Originally posted Monday, February 10, 2020 by RODNEY HOemail@example.com on his AJC Radio & TV Talk blog
When “Survivor” debuted on CBS in the summer 2000, it took off like a rocket, with the season one finale exceeding a now mind-boggling 50 million viewers. The groundbreaking show landed on the cover of Time magazine as winner Richard Hatch became a pop-culture phenomenon.
Two decades later, “Survivor” is one of dozens of reality competition shows. But it has taken its title to heart, surviving competition, copycats and controversy. It still regularly draws close to 10 million viewers a week, which is big in 2020 terms.
Given the nature of the show, the 590 contestants over 40 seasons have become a tight-knit community. More than a dozen contestants have metro Atlanta ties, including outspoken former Braves pitcher John Rocker and renowned educator Ron Clark.
But Parvati Shallow - a graduate of Sprayberry High School and University of Georgia - is considered one of the best players of all time. The wily yoga teacher and life coach - painted one season as literally a “villain” - has competed three times and pocketed the $1 million once in 2008.
She will be returning for a fourth time this Wednesday, February 12 at 8 p.m. for a special “all winners” season featuring other well-known names such as Ethan Zohn, “Boston” Rob Mariano and Sandra Diaz-Twine, the only person to take the prize twice.
A year ago, host and executive producer Jeff Probst called Shallow personally to ask her to join the season. She had previously said in interviews with the AJC she would never do again.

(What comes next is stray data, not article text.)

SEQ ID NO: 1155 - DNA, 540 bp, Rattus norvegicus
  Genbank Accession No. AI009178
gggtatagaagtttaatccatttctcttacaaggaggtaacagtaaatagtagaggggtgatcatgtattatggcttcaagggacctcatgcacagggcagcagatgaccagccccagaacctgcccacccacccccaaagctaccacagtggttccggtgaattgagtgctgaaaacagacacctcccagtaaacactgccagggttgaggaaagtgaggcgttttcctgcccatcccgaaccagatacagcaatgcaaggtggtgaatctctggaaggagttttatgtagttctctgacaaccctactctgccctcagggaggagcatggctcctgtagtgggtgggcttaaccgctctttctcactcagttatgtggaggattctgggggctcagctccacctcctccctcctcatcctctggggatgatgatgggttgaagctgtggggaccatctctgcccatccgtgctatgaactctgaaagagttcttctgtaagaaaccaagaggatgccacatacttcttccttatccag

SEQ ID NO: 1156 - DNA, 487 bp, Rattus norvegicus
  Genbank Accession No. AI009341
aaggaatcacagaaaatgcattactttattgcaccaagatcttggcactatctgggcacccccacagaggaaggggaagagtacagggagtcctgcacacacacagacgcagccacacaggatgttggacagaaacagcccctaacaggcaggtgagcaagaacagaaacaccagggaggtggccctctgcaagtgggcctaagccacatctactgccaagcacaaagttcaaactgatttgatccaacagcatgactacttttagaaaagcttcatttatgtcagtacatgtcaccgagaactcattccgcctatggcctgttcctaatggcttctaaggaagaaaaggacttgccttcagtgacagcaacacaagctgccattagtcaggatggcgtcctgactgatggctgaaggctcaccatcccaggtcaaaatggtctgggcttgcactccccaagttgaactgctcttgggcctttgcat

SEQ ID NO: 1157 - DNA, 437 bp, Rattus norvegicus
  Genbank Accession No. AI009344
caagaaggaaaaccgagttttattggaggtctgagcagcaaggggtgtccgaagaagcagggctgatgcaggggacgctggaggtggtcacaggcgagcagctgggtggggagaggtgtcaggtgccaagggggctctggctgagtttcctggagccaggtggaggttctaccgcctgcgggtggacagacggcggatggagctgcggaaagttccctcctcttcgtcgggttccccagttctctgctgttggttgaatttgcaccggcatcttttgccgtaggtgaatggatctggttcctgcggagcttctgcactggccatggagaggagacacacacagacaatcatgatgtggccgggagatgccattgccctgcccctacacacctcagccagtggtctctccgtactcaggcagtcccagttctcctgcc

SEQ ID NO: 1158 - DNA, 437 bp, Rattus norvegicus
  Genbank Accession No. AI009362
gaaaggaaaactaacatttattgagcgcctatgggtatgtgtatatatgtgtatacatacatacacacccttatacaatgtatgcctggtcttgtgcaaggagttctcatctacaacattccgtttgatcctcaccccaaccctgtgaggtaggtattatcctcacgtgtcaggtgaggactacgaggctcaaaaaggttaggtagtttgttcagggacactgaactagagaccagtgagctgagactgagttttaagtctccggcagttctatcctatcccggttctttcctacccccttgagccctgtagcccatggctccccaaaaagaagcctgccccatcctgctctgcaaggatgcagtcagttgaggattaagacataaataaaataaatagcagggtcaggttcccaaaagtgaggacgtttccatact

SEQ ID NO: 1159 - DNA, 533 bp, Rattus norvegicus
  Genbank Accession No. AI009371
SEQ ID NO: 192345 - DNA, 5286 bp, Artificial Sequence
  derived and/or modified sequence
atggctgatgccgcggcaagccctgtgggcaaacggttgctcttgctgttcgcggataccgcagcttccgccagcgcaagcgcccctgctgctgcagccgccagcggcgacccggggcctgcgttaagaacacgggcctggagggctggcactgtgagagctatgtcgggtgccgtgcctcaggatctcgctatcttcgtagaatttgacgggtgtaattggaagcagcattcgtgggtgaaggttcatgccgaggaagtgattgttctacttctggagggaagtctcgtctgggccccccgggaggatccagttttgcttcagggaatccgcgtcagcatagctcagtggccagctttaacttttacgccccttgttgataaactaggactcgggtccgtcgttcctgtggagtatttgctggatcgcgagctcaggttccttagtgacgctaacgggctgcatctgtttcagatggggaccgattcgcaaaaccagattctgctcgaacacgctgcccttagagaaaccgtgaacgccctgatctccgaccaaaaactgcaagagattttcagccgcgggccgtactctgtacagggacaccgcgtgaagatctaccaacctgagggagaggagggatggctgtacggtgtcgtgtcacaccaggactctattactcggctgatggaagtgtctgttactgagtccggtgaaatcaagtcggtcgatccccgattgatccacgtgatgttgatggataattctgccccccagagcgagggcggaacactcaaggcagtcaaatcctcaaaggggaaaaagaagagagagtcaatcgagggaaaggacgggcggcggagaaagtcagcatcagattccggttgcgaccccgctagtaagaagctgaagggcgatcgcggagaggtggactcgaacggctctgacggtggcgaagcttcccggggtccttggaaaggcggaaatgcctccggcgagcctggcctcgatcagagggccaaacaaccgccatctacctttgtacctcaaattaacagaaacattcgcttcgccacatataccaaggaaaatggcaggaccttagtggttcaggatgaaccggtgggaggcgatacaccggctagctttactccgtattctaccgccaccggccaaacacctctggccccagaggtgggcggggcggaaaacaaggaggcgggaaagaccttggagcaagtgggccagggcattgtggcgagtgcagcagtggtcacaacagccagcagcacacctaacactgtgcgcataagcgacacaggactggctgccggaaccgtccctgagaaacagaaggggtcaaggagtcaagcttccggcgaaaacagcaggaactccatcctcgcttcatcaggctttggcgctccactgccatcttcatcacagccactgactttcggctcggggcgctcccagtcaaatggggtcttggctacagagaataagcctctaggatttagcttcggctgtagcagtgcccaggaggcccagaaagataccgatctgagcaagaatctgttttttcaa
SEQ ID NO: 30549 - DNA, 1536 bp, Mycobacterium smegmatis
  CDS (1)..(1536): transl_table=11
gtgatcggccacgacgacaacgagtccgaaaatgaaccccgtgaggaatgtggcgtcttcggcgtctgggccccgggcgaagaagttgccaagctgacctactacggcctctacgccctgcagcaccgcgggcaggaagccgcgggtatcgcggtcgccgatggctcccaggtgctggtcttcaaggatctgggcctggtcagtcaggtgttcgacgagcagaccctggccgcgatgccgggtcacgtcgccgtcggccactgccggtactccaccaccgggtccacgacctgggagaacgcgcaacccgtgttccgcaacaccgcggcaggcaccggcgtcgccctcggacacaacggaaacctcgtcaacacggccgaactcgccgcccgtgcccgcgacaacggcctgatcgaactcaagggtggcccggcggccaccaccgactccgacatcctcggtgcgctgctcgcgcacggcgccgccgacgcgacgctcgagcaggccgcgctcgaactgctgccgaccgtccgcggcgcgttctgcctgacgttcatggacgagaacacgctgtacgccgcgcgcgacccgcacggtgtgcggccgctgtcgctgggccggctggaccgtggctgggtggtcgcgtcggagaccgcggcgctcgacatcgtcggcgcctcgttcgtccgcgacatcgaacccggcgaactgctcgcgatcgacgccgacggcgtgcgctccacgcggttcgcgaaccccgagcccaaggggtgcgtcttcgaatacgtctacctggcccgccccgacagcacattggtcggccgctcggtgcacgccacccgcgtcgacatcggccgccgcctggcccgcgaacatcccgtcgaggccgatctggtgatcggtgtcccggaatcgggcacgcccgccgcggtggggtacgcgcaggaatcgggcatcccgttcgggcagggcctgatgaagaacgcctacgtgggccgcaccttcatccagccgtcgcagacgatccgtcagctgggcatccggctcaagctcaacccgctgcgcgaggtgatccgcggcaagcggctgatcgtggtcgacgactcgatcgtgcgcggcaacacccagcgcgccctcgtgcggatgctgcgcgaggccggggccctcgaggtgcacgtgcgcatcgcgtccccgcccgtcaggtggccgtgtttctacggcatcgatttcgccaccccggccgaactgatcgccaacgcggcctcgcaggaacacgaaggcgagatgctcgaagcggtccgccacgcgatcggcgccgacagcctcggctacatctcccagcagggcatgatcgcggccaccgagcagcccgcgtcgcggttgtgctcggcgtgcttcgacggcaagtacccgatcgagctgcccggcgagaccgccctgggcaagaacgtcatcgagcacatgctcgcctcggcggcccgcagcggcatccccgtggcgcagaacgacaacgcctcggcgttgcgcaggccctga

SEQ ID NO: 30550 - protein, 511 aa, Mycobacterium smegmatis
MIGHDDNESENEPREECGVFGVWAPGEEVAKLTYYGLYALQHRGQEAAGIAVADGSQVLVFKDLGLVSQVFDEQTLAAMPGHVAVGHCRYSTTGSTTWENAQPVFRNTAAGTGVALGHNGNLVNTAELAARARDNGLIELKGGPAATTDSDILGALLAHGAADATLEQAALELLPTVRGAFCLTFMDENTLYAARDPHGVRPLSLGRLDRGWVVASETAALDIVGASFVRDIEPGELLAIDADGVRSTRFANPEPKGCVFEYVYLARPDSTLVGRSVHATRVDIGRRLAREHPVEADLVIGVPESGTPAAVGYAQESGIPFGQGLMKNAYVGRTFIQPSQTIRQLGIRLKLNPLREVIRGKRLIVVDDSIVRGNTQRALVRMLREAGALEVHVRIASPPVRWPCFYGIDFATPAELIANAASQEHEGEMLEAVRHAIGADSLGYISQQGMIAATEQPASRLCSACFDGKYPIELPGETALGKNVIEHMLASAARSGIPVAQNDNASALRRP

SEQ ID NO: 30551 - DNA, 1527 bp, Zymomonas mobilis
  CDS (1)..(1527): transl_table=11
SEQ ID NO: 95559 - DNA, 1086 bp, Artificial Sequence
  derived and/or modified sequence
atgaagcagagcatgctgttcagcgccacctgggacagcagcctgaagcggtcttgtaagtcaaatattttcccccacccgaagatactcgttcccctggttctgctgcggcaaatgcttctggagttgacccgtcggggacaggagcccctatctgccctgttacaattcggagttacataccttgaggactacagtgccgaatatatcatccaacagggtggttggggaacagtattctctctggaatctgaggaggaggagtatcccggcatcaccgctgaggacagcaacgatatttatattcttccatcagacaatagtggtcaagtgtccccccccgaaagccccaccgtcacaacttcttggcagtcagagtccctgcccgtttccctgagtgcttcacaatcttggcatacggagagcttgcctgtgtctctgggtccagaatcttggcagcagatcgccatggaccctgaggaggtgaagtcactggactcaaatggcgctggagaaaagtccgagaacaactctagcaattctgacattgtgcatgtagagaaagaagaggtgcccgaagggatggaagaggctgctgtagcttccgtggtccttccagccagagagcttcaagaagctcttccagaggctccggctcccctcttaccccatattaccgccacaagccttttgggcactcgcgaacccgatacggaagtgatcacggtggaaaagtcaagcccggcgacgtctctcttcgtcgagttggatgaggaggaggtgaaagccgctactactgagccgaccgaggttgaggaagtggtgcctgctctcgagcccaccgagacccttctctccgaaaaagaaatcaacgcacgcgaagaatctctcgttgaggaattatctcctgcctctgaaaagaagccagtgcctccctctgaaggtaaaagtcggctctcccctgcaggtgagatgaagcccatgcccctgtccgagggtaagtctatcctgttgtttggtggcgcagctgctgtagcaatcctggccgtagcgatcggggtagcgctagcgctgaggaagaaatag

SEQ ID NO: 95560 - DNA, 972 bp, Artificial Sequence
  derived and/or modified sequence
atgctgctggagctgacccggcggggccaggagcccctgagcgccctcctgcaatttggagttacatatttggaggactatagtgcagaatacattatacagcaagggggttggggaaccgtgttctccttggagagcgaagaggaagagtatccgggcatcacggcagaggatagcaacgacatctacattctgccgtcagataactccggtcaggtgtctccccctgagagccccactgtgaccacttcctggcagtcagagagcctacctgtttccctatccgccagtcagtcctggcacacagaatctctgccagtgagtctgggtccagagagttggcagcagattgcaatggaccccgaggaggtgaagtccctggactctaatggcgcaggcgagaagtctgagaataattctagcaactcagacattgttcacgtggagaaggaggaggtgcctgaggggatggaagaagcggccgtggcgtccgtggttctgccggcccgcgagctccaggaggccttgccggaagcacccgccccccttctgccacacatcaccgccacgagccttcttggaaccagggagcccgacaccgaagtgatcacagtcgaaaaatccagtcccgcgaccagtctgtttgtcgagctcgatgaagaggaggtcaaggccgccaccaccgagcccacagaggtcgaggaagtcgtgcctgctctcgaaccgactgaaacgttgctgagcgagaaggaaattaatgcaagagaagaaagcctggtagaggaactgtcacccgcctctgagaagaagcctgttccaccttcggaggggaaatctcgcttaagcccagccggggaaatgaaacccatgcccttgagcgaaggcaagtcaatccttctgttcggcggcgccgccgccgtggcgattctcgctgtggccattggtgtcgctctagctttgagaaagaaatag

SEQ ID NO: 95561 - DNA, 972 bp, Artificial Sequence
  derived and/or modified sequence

“But in the back of my mind, I knew if they offered an all-winners season, I’d go,” said Shallow, who now lives in Los Angeles with her husband John Fincher, who played “Survivor” season 19 and finished ninth.
She didn’t immediately say yes. Her daughter Ama was just six months old. She hadn’t worked out in two years. “I was eating a lot of pizza and donuts,” she said.
Her competitive nature won out. She said yes with six weeks to spare.
In her 20s, she recalled prepping with boxing, power yoga and reading books about mental mind games. This time, she focused on building endurance back up, which meant a lot of time in the gym, working the StairMaster.
Mentally, she said she had spent recent years focused on her family and improving the lives of her clients. She had to seriously pivot back to cutthroat, devious “Survivor” mode.
“I’m like a phoenix rising from the ashes,” Shallow declared in the opening moments of the new season, “ready to burn your house down!”
In a recent interview, she said she went into the game last summer “going to play to win but I wanted to play with people I liked and vibed with and had fun with.”
To entice the former winners even more, CBS dangled the biggest prize in U.S. reality competition history: $2 million.
The show itself has kept many core features from the beginning: the reward and immunity challenges, the buffs, the torches and tribal council. And the original slogan endures: “Outwit, Outplay, Outlast.” Among the 3D chess-like moves that happen every season are broken alliances, broken promises, backstabbing and blindsides. At the same time, there have been lifelong friendships, inspirational moments and even romance.
“Its the ultimate adventure show,” Shallow said. “There’s nothing like it. You’re totally exposed to the elements. It’s ‘Lord of the Flies.’ What happens when there’s not enough food or safety or sleep?”
Going back for her is like a family reunion: “I know the crew members, the camera folks, the producers, the sound guys. They care about us and our lives. “
Another part of the special sauce? Probst, who over time became an active executive producer.